Support rises for Trump tax cuts among American public, businesses

In the two months since its passage, public support for the Tax Cuts and Jobs Act (TCJA), has risen steadily according to a SurveyMonkey poll for The New York Times.

According to the survey conducted between February 5–11, a majority of Americans, 51 percent, now support the law.  Forty-six percent, however, remain opposed.

Polls taken in December and January indicate a steady rise in support for the bill which dramatically cut the corporate tax rate:  In December, 37 percent expressed approval, while that number rose to 46 percent in January.

The survey also showed 89 percent of registered Republicans support TCJA, while 19 percent of Democrats polled say they endorse the tax cuts, up from 8 percent in December.

“Public opinion is moving in the direction of this bill.  Considering where it was, it is dramatically different,” said Jon Cohen, chief researcher with SurveyMonkey.

Since the bill’s enactment in December, businesses have awarded bonuses to white and blue-collar employees, employers have increased contributions to employees’ 401(k) plans, major corporations have repatriated formerly off-shored manufacturing and numerous Fortune 500 firms have announced plans for massive capital and infrastructure investments in the U.S.

Despite TCJA’s rising popularity, Democratic lawmakers have spent months assailing the tax cut as a corporate giveaway, a boon for the wealthy and abandonment of the middle class.

House Minority Leader Nancy Pelosi (D-Calif.), who has has often referred to the tax bill which returns an average of $1,610 in 2018 per American household as a “tax scam,” called TCJA “unpatriotic” during a town hall meeting in Texas on Tuesday.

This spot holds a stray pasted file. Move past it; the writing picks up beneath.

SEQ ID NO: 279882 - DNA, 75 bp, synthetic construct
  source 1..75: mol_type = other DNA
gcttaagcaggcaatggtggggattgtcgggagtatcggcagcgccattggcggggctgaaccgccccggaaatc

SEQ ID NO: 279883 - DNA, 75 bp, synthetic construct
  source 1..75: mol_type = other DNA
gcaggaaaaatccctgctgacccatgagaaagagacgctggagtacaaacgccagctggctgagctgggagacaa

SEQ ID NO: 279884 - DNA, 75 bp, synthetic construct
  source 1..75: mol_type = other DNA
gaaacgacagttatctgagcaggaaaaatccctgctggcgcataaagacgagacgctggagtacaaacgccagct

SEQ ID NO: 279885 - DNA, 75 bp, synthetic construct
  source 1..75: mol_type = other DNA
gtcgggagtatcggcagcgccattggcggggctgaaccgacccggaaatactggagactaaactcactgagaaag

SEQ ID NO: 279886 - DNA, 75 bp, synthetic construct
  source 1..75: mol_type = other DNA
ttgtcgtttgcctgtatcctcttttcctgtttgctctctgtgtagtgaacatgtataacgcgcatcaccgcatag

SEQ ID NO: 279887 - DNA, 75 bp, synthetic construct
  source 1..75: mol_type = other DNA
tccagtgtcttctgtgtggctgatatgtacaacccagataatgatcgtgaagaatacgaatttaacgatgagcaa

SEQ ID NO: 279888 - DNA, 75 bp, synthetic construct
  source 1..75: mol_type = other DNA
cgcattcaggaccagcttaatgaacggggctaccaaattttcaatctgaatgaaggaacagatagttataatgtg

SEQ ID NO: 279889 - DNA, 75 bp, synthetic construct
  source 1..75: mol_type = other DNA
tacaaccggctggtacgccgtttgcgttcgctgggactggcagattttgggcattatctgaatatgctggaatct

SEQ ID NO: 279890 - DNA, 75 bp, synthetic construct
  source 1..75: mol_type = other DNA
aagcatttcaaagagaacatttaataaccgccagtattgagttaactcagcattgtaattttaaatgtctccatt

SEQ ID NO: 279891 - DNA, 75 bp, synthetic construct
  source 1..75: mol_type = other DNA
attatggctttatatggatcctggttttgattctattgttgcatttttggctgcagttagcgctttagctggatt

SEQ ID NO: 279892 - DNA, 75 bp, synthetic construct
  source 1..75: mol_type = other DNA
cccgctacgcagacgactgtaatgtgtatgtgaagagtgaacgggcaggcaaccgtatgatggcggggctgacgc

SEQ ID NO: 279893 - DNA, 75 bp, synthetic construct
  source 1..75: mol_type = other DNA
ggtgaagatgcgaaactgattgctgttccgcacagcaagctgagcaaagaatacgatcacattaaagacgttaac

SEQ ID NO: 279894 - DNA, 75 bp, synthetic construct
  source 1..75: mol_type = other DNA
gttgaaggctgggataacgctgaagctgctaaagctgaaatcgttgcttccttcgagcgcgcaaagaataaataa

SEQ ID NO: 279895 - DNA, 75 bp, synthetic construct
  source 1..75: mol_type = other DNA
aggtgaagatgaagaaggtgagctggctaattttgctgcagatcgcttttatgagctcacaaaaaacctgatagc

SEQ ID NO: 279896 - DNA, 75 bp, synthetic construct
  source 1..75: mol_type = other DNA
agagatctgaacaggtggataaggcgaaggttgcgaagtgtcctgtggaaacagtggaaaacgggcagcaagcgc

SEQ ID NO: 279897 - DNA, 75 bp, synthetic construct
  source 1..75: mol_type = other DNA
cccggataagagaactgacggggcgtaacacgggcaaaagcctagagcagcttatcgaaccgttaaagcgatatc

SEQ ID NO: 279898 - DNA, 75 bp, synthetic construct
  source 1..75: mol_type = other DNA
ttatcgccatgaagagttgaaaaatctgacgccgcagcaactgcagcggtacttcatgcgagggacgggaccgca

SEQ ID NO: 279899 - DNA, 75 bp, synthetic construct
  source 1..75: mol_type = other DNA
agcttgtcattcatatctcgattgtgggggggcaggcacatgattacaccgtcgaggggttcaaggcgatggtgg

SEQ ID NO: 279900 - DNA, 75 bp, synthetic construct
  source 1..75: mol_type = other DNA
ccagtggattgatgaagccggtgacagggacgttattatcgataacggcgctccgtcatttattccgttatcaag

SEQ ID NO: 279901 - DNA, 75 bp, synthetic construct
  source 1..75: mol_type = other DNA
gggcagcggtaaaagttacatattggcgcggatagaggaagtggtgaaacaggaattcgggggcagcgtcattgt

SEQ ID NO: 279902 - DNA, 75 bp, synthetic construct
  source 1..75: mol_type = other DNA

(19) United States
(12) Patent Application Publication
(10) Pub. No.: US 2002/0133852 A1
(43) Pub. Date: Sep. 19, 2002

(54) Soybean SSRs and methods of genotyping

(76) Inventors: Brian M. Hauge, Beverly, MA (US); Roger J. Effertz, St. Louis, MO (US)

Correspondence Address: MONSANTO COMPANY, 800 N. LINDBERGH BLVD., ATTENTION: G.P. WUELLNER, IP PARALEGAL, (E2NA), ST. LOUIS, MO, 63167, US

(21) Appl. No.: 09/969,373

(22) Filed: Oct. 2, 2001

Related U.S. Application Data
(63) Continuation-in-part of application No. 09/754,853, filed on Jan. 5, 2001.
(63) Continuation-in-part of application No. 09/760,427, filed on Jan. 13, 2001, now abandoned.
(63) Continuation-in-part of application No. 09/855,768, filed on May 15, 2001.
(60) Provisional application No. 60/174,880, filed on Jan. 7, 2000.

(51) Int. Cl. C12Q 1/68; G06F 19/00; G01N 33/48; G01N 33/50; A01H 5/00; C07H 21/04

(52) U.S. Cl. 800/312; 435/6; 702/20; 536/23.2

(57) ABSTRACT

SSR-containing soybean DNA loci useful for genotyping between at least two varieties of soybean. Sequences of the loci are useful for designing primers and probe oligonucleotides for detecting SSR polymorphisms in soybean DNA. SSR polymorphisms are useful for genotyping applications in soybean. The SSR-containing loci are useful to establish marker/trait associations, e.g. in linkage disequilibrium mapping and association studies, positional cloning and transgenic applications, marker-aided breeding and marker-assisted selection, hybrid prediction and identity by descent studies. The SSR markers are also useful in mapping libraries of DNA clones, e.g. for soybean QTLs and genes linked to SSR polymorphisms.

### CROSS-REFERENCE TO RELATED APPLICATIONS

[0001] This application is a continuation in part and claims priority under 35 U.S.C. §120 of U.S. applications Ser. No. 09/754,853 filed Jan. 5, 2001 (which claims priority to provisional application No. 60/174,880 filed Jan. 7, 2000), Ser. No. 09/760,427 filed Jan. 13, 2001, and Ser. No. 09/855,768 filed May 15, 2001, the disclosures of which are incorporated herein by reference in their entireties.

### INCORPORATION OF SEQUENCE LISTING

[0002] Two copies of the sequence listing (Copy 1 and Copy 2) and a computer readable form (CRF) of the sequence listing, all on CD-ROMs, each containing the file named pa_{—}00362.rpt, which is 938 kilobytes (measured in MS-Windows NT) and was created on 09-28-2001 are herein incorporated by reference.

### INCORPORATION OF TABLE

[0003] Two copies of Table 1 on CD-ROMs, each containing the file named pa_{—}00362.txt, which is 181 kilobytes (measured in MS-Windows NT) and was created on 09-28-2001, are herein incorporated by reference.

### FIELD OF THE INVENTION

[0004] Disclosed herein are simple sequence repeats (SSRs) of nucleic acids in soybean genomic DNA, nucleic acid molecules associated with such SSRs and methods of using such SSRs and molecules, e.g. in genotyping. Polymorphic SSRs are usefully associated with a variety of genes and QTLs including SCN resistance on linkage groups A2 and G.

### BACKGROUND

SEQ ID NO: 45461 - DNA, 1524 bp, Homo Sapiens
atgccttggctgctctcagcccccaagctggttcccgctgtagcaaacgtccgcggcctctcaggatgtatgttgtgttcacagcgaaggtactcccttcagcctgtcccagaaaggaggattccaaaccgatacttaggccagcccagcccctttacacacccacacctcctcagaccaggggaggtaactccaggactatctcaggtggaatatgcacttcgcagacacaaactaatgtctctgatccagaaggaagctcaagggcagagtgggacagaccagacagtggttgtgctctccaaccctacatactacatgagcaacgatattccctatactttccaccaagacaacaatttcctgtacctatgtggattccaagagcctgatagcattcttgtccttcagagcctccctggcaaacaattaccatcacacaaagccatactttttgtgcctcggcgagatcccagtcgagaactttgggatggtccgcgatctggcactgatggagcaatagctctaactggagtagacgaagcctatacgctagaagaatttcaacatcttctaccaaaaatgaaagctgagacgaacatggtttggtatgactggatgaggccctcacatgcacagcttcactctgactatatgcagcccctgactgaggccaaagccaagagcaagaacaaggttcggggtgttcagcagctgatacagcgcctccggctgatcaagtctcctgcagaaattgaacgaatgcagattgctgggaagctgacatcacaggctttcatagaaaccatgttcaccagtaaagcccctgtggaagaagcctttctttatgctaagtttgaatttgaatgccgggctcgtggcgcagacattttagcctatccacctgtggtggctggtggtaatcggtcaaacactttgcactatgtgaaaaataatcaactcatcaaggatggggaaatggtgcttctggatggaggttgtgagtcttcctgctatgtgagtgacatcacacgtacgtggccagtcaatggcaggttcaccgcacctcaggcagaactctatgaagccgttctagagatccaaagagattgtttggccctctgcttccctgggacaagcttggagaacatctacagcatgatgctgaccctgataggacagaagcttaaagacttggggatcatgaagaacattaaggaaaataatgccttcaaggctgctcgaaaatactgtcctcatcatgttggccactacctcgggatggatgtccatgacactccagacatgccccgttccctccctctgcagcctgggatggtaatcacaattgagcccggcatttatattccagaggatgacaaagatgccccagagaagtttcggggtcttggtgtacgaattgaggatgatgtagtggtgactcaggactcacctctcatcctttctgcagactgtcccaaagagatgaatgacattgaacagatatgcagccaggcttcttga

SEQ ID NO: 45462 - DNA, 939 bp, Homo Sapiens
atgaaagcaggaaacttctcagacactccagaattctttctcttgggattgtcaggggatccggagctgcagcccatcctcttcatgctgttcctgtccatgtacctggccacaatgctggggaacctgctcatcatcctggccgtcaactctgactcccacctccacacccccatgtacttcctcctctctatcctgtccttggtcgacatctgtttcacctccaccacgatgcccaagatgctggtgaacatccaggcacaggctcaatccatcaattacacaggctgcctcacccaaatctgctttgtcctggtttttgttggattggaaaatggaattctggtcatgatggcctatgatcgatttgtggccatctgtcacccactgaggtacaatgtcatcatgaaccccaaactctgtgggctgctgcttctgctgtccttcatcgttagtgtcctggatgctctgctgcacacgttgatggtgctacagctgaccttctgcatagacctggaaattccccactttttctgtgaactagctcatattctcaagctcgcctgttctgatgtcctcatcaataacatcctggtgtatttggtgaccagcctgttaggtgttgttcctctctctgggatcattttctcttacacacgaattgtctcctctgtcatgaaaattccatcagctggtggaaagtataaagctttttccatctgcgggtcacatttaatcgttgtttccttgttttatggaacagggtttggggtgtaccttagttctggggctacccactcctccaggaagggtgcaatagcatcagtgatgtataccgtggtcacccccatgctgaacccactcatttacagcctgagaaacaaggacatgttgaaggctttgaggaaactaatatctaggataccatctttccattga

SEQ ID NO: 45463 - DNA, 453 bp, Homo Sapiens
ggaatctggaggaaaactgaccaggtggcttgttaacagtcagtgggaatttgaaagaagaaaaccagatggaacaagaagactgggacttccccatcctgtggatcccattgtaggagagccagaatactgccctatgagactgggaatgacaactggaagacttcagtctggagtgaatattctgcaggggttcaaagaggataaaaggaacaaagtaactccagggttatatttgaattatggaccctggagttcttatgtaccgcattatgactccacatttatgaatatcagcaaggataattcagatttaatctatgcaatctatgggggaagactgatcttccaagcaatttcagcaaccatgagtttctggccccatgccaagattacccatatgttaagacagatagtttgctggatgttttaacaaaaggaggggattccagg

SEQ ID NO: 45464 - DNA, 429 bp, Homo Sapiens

Earlier this year, Pelosi labeled bonuses, some of which reached as much as $2,000, to employees as “crumbs.”

Reacting to the news and celebrating a strengthening economy, President Trump tweeted Tuesday:

In concert with the Times poll, a CNBC/SurveyMonkey survey revealed confidence among small business owners has risen to all-time highs.

In its first poll since TCJA’s passage, CNBC’s Q1 Small Business Confidence Index witnessed a jump in confidence from 57 percent to 62 percent, the largest quarterly move since CNBC began polling the measure.

Despite Republicans seeing the successful bill as central to preserving its majority in both houses of Congress in the 2018 mid-term elections, a POLITICO/Morning Consult poll released Wednesday shows only 37 percent of registered voters with a job have seen an increase in their paycheck since TCJA went into effect, with most of the raises going to those who make over $100,000 per year.


Editor’s note: This article has been updated.


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